How to build a web app tasty enough for a Dragon | clients Y/Hangry on Dragons’ Den
The avid Dragons’ Den enthusiasts among us will know that this season has seen some of the most exciting and innovative startup businesses to date, a huge number of which have been tech-focused endeavours. YHangry is no exception. It’s founders Siddhi and Heinin took the Dragons’ Den by storm in Episode 8 which aired on 20th May 2021, winning the backing of not one but two Dragons; Tej Lalvani and Peter Jones.
YHangry had already hit headlines earlier this year, for winning investment from a number of well-known moguls including Carmen Rico from Blossom Capital, Eileen Burbidge from Passion Capital, as well as a number of celebrities including Made In Chelsea star, Ollie Locke. In fact the past 12 months have been filled with successes for the business, as they also secured a coveted spot on the Google for Startups incubator programme.
If you missed the episode, a brief background; YHangry is a private chef booking app, serving up the perfect solution for at-home dinner parties for as little as £100, including ingredients (and they can do the washing up afterwards!).
We were lucky enough to work with YHangry from 2019 – 2020, building their web app. There are a huge number of transferable lessons, so here are some top tips for other tech startups looking to gain investment.
How it all started…
When YHangry came to us, we could see straight away that they were a hugely promising startup, the idea was unique, addressed a gap in the market and Siddhi and Henin showed tremendous business acumen and ambition. What they needed was an app that would be robust and scalable as the company grew.
The proposed idea had complex requirements and needed to combine four different interfaces; a marketing website, a booking app for users, a job management portal for chefs and an admin portal for the YHangry team. Each one needed to be consolidated down into an easy-to-use interface, so that users (whether they be chefs, customers or team members) could easily and intuitively navigate their options.
Top tips for building an investable web app
Where’s your gap in the market?
What are your competitors doing and what can you be doing better? These are all things we took carefully into consideration when deciding on early features and what to include in the first version of the product. It’s vital that you only include features that are going to provide value to your users, which you can do by completing in-depth customer research. YHangry went one step further, creating a very basic MVP of the product to test initial traction in the market, before investing in building out their technology. This allowed them to prove there was a clear demand for their proposition and gap in the market before building the technology to scale their business.
This is an absolutely key component of any great business but is so often neglected. Like YHangry it’s always best to release your platform as a minimum viable product (MVP) with the bare minimum features required for customers to buy into the service. This allows you to learn from your users and build out the technology based on what real customers are requesting, rather than your assumptions. This wastes far less time building features you don’t need and means that the ones you do release are designed completely in accordance with your users’ wishes. A few of the user testing strategies we use are:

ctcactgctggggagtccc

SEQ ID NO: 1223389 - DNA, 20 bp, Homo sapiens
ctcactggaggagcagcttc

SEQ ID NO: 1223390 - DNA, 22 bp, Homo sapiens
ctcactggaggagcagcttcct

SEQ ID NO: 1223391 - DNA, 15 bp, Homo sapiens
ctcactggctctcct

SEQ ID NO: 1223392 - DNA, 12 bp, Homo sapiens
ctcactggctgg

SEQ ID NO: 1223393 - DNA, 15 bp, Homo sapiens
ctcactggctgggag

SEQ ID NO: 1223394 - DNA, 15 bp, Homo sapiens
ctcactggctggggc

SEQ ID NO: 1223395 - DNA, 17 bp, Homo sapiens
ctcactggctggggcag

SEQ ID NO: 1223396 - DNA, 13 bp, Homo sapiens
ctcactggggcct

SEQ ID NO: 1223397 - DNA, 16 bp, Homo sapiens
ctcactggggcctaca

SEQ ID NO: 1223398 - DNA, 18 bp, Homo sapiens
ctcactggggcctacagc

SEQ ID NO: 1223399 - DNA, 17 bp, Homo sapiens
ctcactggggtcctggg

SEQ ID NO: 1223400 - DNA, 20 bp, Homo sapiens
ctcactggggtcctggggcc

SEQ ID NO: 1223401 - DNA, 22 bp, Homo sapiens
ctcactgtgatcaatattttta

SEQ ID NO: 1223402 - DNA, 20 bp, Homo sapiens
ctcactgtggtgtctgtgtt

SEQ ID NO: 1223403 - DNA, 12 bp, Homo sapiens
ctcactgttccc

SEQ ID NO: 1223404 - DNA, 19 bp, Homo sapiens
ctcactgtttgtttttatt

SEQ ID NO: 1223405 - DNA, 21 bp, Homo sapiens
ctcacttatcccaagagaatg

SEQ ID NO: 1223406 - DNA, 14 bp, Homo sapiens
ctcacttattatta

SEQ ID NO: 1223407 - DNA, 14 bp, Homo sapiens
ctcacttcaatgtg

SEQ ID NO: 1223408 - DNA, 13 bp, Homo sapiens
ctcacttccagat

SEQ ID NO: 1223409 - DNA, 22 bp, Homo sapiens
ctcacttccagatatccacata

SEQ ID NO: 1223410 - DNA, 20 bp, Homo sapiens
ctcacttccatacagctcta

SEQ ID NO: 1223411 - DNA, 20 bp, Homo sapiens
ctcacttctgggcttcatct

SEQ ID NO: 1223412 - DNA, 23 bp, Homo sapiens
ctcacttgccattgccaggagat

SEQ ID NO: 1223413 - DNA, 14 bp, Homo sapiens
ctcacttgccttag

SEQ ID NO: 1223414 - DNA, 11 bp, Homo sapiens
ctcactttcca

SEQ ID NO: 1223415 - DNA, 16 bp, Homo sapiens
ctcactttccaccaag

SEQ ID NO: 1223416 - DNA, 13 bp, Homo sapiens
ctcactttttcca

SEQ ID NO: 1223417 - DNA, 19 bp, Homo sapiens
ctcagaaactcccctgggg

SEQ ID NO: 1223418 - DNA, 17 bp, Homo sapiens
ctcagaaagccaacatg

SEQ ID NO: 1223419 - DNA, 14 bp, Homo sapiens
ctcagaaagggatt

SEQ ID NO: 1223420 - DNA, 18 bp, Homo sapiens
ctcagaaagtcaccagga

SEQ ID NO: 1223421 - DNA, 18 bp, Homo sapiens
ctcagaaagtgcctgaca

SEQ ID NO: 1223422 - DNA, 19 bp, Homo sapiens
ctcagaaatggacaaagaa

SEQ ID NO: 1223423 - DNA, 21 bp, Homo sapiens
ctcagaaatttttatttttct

- 1-1 discovery calls,
- Focus groups,
- A/B testing various page layouts,
- Session recordings,
- Bottleneck discovery using Google Analytics, Google Data Studio and a KPI dashboard.
What are your metrics?
If you’re a startup looking for investment you need to be incredibly clear from the get-go what your aims are and what metrics you’re going to try to hit. Investors will want to know all about your conversion rates, lifetime value and profit margins. They’ll also want to see that you have a clear handle on the factors which affect these. It’s important to remember that while these numbers might not look great now, they’ll want to see that at scale your unit-economics will make you profitable in the long run.
Is your tech success-proofed?
When building something of this nature there are a few extremely important things to consider;
- Is this technology scalable? What kind of traffic can it withstand and will you be able to maintain performance at scale? For example, you wouldn’t want your app to crash if your traffic were to blow up following a feature on primetime BBC One!
- How easy is it to add new features? We work on a continuous improvement model, only releasing new features once they’ve been rigorously tested with users. This means we spend far less time building things which don’t work leading to much higher user retention and overall satisfaction.
- Speed – does the app run rapidly even with heavy user traffic?
And of course, if you’re going into a situation like the Dragon’s Den, make sure you have your numbers and knowledge down by heart completely so that you can withstand attacks from Dragons like a champion… isn’t that right Heinin?